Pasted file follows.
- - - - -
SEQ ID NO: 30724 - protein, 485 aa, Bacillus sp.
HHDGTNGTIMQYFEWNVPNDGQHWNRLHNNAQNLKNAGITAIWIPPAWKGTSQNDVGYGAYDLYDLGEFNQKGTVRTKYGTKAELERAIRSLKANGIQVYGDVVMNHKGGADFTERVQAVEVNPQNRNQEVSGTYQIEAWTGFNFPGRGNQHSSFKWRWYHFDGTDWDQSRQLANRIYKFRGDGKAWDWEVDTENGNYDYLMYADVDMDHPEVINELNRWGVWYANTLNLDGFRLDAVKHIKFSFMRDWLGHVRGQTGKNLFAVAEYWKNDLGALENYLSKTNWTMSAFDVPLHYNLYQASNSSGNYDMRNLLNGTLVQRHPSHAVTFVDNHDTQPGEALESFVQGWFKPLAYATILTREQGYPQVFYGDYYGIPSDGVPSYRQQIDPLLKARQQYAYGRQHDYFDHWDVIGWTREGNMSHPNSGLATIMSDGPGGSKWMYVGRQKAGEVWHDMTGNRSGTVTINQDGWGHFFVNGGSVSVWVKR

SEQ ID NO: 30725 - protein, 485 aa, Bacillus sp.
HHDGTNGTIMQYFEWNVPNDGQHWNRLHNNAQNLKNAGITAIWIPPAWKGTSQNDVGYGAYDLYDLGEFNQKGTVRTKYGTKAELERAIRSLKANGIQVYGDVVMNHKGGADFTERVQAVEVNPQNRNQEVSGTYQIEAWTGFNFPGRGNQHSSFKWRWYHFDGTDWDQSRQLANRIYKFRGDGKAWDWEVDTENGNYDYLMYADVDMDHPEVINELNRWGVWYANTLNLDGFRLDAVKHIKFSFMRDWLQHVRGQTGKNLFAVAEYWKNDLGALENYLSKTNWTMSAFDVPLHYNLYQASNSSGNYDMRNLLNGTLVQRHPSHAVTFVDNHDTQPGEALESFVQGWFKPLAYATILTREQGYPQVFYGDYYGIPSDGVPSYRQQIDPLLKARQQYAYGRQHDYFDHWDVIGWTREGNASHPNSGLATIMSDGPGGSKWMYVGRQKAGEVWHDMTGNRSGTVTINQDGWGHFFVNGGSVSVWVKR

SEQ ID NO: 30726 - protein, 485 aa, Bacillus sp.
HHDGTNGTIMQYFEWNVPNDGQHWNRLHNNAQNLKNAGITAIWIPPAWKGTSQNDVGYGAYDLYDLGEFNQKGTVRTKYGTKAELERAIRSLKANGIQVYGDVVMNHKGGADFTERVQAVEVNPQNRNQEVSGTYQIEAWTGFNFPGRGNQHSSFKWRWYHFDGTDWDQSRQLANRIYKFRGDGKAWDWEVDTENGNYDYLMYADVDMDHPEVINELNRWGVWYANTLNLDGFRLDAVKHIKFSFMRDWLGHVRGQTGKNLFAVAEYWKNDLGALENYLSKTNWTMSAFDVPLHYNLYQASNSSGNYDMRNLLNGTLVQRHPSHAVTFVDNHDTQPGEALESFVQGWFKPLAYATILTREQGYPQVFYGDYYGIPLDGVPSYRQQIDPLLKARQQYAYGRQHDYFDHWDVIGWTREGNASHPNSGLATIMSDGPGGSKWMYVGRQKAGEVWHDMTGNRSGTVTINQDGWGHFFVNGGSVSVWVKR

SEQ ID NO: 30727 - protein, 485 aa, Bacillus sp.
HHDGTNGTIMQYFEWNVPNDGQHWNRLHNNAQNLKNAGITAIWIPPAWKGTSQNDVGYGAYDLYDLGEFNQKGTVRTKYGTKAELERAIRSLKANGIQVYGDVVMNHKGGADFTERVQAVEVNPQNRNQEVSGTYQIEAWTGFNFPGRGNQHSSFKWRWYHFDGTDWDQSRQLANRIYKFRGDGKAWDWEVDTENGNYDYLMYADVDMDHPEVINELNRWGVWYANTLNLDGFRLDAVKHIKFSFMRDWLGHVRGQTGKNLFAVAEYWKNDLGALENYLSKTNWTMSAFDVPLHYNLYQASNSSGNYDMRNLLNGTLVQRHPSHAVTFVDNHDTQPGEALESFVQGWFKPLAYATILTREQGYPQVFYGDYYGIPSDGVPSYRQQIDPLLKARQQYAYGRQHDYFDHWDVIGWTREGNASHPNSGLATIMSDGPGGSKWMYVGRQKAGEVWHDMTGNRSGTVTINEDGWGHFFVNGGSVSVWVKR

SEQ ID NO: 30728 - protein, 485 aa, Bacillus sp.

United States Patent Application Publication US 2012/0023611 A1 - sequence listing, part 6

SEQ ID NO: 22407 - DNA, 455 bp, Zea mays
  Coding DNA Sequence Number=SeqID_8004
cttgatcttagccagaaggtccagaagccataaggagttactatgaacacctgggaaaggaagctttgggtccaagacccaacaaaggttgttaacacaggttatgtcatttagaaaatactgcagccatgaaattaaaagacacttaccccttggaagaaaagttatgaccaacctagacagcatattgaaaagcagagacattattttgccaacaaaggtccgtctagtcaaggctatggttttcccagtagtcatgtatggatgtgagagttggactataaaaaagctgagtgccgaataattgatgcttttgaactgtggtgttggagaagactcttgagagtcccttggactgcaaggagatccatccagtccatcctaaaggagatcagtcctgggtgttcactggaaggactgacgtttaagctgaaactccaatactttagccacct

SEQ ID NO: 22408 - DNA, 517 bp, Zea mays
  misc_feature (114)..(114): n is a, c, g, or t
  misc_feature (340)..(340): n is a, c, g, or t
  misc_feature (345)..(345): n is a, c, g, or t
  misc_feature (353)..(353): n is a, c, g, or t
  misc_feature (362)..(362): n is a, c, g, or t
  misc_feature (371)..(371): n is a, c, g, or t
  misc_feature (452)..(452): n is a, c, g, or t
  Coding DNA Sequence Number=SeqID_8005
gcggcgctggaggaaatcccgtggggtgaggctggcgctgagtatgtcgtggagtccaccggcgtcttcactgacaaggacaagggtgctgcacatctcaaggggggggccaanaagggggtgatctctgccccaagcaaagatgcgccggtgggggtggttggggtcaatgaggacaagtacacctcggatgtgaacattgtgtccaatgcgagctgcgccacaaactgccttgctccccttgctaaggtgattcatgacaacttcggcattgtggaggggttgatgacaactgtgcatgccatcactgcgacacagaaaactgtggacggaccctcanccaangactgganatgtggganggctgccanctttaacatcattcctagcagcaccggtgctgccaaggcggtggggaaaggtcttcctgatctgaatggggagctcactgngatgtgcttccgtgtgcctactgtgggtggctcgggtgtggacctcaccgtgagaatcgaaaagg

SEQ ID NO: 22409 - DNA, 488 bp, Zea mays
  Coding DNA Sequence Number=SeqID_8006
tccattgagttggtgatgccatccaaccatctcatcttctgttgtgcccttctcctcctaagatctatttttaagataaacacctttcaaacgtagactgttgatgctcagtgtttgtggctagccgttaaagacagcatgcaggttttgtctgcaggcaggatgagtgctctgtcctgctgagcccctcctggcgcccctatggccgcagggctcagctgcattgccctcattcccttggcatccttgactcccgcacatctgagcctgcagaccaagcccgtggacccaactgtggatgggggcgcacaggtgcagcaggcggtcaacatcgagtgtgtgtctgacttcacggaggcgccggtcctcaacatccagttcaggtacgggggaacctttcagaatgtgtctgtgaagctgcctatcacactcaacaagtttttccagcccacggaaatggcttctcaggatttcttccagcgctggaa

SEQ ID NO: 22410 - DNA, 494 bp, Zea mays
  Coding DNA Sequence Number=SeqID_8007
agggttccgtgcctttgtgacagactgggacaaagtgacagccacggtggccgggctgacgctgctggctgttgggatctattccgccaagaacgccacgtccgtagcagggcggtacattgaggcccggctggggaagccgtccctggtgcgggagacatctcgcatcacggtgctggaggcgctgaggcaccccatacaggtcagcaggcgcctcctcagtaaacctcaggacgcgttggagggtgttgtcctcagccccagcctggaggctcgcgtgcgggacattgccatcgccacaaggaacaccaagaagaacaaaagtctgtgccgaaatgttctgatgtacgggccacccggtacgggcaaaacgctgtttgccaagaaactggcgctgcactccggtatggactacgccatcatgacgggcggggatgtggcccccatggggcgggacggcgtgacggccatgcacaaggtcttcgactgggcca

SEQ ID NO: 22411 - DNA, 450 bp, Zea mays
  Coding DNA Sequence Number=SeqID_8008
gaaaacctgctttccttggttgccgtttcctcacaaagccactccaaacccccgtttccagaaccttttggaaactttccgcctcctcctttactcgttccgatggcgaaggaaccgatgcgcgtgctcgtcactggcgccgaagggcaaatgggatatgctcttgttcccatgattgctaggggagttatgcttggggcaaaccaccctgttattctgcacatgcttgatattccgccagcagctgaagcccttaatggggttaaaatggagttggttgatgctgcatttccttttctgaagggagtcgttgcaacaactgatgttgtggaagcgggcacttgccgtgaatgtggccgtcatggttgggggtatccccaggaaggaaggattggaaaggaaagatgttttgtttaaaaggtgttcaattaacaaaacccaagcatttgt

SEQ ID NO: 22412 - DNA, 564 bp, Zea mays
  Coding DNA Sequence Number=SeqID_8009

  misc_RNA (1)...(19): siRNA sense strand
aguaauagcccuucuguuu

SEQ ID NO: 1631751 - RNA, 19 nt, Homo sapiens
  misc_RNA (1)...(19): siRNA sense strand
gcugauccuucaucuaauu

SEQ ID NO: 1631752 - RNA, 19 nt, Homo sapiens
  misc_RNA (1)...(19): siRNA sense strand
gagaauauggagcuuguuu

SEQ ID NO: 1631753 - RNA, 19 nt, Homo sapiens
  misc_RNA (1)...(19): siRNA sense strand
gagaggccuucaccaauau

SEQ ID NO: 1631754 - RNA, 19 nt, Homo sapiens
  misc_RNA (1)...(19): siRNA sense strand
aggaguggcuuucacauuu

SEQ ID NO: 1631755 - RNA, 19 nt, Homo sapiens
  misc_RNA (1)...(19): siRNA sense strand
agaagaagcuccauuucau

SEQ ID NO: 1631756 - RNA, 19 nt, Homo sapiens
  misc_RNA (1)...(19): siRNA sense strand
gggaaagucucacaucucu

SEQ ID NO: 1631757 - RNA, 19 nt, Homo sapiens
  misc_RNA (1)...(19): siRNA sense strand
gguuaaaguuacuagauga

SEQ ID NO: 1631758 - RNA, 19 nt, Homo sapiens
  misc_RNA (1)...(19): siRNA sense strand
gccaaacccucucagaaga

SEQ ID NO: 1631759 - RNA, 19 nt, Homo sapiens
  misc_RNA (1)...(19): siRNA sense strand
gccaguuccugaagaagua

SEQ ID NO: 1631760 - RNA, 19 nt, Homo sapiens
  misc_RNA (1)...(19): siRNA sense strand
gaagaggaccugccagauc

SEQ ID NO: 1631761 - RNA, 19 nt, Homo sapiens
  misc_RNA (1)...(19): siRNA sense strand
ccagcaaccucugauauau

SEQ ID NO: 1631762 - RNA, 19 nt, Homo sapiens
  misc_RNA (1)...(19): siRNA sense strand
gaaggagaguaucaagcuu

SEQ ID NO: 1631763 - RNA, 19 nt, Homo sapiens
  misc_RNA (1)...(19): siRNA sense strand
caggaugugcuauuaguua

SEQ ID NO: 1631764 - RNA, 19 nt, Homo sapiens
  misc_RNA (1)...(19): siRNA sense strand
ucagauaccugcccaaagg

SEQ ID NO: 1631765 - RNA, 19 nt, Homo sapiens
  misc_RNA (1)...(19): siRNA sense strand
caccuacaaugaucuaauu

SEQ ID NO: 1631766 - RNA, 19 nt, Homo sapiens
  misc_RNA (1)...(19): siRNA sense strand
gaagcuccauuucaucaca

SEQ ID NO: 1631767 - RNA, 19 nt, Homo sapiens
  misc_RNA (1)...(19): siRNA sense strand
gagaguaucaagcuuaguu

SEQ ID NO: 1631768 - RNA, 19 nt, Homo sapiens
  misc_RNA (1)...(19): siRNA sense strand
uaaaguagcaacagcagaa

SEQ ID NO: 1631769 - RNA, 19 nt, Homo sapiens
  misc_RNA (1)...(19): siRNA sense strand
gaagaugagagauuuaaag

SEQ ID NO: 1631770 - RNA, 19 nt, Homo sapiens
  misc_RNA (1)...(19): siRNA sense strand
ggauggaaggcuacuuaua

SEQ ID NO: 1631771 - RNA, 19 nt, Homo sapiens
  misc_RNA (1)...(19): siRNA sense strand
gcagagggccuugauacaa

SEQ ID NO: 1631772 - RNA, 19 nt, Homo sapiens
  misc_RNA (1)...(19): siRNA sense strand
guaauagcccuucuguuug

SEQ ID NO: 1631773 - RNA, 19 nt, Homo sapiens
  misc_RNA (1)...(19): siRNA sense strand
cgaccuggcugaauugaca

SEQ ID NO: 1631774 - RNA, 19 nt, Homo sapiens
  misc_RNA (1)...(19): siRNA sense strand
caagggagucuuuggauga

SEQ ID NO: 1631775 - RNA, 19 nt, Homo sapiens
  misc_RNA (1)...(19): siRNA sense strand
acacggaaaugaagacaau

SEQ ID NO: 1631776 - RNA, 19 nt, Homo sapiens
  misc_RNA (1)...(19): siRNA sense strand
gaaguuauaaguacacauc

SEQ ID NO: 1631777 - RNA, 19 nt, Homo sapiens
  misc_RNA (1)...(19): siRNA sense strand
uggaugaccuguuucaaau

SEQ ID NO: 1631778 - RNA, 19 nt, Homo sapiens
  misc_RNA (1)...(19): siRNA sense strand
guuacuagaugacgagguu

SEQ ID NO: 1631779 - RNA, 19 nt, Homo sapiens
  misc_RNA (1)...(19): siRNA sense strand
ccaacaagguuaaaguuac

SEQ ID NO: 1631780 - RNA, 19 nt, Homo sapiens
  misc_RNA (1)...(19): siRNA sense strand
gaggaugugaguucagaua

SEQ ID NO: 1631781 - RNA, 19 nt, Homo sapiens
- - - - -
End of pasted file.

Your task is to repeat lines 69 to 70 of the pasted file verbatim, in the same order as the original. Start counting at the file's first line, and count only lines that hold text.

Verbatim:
ccagcaaccucugauauau

SEQ ID NO: 1631762 - RNA, 19 nt, Homo sapiens